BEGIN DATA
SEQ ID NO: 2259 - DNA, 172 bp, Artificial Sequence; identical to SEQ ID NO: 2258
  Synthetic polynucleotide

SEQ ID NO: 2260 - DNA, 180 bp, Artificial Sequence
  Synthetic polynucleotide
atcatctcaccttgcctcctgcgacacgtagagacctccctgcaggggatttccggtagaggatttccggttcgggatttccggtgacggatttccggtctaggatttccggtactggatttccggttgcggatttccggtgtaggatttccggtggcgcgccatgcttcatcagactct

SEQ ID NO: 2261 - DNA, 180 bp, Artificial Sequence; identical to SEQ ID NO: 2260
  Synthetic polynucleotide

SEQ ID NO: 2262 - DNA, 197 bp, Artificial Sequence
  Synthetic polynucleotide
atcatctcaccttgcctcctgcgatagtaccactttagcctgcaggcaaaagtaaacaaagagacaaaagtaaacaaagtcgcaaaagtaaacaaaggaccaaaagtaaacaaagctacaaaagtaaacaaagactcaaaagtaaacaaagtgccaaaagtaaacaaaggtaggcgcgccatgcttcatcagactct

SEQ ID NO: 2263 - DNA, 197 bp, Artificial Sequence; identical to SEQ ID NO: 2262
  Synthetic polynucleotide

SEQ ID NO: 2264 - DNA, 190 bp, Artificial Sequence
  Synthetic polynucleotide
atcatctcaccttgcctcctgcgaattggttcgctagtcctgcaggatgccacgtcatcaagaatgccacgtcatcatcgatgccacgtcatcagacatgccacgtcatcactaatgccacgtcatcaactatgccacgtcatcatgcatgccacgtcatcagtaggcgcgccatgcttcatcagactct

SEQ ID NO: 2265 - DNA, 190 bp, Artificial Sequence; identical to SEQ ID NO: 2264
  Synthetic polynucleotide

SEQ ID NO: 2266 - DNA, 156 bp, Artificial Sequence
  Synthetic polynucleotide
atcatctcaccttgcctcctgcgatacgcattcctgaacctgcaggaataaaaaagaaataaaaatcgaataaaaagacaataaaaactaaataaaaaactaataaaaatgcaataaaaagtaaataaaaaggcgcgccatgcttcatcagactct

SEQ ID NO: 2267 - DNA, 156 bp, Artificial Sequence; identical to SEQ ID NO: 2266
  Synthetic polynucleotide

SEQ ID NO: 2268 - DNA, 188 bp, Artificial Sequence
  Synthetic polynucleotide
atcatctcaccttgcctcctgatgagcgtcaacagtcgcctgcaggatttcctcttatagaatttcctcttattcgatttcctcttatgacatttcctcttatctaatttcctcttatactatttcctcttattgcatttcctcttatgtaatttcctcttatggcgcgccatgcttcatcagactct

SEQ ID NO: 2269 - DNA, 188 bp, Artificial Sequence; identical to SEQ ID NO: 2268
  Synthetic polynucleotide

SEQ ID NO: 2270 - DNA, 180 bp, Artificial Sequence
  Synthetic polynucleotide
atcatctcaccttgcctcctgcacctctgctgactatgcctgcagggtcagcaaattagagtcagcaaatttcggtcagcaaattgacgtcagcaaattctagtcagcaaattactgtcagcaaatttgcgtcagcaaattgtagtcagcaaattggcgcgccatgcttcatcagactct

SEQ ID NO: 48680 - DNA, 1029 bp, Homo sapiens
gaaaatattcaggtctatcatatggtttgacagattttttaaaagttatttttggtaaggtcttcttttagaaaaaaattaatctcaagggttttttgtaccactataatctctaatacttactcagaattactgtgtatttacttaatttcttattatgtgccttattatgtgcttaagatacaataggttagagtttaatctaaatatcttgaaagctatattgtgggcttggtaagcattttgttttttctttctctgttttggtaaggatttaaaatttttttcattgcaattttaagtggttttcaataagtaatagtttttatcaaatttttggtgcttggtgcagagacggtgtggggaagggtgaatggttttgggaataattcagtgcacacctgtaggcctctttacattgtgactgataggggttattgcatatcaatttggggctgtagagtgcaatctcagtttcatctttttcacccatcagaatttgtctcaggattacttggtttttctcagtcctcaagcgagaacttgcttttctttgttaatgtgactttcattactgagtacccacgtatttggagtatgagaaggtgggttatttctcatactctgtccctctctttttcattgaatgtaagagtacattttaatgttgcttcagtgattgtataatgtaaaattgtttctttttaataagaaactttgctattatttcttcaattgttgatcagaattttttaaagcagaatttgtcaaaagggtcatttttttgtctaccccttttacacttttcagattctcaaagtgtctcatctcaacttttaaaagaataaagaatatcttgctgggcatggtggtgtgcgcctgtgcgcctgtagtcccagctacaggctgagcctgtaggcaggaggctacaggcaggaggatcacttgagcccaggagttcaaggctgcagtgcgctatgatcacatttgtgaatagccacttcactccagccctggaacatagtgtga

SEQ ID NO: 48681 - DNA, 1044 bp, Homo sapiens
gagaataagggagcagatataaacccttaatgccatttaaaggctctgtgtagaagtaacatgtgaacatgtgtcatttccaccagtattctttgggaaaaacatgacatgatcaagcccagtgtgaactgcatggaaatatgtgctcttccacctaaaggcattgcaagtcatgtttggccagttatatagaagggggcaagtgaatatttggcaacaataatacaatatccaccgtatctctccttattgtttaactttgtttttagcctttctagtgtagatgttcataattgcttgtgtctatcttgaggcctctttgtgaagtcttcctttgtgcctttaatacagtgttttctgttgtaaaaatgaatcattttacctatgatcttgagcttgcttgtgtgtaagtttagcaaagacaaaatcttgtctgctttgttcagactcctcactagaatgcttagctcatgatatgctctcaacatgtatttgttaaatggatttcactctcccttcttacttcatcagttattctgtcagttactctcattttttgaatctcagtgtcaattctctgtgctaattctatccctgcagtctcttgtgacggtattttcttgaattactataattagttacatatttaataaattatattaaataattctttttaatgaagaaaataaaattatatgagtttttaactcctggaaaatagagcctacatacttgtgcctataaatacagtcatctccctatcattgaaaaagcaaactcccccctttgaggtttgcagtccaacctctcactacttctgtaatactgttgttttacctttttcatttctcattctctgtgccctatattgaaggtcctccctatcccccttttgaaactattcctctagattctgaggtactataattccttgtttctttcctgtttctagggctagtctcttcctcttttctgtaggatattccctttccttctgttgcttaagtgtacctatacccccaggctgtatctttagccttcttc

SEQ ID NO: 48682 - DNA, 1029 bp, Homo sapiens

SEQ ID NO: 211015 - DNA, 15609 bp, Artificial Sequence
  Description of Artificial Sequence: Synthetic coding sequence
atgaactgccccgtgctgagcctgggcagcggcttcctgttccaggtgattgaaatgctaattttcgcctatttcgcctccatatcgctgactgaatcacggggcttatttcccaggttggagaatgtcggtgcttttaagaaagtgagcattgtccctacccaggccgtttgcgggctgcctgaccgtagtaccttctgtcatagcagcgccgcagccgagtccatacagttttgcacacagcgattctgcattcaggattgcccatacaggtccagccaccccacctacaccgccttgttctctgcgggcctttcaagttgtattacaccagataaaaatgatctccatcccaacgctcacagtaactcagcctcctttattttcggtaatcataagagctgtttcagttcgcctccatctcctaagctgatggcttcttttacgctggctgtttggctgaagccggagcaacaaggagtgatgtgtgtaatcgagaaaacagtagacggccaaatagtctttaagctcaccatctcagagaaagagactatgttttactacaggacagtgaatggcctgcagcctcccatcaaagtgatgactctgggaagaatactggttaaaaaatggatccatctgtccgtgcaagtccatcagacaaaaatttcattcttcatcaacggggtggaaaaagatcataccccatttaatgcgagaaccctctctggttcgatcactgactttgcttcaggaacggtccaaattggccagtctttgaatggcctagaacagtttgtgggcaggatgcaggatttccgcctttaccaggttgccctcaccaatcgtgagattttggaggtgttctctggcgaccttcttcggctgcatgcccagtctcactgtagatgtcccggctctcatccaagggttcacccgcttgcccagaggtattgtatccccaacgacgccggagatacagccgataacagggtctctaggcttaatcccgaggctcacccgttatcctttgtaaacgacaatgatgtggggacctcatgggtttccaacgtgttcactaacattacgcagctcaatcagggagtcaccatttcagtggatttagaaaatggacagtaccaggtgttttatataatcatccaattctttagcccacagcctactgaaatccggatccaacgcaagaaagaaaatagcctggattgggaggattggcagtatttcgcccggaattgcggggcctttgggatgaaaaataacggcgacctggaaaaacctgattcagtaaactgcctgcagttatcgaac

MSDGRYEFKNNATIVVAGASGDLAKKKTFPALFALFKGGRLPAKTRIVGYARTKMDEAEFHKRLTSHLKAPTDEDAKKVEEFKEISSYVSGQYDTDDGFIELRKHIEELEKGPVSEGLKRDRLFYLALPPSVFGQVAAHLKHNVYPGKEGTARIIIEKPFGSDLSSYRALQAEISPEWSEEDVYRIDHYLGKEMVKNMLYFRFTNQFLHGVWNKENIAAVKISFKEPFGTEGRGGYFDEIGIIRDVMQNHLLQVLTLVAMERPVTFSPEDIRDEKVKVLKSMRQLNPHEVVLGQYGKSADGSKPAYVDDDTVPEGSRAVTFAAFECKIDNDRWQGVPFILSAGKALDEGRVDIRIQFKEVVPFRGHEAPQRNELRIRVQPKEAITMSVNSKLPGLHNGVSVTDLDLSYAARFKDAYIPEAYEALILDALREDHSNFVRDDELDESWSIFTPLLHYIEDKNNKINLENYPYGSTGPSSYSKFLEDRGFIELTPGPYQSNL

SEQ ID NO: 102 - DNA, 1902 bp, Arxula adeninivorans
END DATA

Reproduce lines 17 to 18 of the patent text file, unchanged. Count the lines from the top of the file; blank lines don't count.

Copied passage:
  Synthetic polynucleotide

SEQ ID NO: 2266 - DNA, 156 bp, Artificial Sequence